Umar TIMOL (poet, fiction writer; Mauritius) is the author of four poetry volumes, two novels, and two comic books; the poetry collection 52 Fragments for the Beloved (2016) received the Poetry Prize at the Moldova Poetry Festival. Timol is a teacher, photographer, founding member of the mixed-genre journal Point Barre, and a frequent presence at poetry festivals. His participation is made possible by the Bureau of Education and Cultural Affairs at the U.S. Department of State. Timol is a well-known teacher, photographer, and activist in his country. He aspires to master every form and genre of art to use in his own work and hopes to uses these skills to help to introduce a culture of poetry to the Mauritian canon.
Aušra KAZILIŪNAITĖ (poet, performer, journalist; Lithuania) has four volumes of poetry, including the English-language collection The Moon is a Pill (2018); Mėnulis yra tabletė, which won the 2016 Jurga Ivanauskaitė Prize; her 2016 volume I am Crumbled Walls was shortlisted for Best Book of the Year by 15min.lt. In 2016, Kaziliūnaitė was awarded the Young Artist Prize from the Lithuanian Minstry of Culture. Her participation was made possible by a grant from the Bureau of Educational and Cultural Affairs at the U.S. Department of State. Kaziliunaite is a philosopher whose writing challenges traditional form and scope; she describes her work as a “sacred madness of creativity.” Among her many awards, Kaziliūnaitė was granted Artistic Creator status by the Republic of Lithuania.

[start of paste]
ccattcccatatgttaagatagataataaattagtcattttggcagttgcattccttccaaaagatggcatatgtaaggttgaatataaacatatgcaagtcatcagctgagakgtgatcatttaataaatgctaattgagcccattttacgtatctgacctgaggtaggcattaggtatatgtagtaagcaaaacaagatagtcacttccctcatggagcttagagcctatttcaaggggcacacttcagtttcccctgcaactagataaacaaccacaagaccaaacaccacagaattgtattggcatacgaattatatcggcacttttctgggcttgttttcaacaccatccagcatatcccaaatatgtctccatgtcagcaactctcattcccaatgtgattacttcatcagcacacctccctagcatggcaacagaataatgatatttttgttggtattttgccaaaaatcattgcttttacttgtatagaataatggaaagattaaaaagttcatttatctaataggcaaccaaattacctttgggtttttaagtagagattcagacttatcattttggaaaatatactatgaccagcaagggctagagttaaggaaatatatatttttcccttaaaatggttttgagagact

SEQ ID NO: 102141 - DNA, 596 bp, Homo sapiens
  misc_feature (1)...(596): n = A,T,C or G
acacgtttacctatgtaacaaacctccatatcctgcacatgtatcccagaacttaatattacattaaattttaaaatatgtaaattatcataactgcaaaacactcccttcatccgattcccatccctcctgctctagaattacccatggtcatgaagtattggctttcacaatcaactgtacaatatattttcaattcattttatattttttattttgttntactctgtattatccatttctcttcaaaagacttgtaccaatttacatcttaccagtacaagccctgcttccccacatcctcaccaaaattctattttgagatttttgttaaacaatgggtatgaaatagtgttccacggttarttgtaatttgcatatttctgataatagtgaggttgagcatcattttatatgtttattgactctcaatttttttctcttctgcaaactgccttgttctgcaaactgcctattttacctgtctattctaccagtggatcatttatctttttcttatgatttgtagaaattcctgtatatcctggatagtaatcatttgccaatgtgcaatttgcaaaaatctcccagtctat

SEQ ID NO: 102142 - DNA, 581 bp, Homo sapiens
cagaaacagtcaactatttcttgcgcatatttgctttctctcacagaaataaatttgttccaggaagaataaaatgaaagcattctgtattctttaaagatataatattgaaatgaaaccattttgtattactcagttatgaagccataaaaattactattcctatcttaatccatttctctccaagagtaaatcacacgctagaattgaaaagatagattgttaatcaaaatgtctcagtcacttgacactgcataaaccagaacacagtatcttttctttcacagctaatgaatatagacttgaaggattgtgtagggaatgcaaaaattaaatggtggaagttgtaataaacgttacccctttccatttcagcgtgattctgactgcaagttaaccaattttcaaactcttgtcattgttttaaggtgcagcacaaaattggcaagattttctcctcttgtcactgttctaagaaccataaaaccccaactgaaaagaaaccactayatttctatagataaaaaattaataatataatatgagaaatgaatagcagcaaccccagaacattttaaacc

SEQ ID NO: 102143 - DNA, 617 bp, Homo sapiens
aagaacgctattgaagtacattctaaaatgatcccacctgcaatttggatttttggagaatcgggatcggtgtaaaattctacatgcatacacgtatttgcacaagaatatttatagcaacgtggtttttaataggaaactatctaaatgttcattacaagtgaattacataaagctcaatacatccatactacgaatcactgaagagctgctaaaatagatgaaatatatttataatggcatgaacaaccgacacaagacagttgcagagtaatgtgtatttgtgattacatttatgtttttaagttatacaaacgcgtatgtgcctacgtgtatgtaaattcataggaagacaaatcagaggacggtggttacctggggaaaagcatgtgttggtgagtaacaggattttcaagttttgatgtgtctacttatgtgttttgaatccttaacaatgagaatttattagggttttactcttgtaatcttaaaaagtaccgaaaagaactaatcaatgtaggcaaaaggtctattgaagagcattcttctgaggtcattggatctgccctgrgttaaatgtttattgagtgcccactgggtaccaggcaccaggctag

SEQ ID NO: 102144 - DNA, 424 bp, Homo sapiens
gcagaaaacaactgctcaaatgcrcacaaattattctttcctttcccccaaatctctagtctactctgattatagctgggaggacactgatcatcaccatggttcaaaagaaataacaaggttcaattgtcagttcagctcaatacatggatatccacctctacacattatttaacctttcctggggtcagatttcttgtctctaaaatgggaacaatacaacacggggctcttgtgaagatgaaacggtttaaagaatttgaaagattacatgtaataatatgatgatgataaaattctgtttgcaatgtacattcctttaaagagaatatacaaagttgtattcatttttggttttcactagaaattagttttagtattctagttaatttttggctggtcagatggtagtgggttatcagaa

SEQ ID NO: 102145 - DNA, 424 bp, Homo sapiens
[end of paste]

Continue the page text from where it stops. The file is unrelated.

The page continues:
TAKIGUCHI Yūshō writes stories about individual and collective memory, stylistically marked by a roaming, omniscient narrative voice and multiple temporalities. His novella Resonance (Gakki) won the 2011 Shincho Prize for New Writers; in 2015, his novella The Jimi Hendrix Experience was nominated for the distinguished Akutagawa Prize; the following year Takiguchi won that award for The Unceasing. Takiguchi uses elements of memory and sound to inform his widely-awarded writing, which weaves pop culture with emotional experiences. Takiguchi once wrote a piece titled The Jimi Hendrix Experience which includes almost no Jimi Hendrix. He participates courtesy of the Japan Foundation.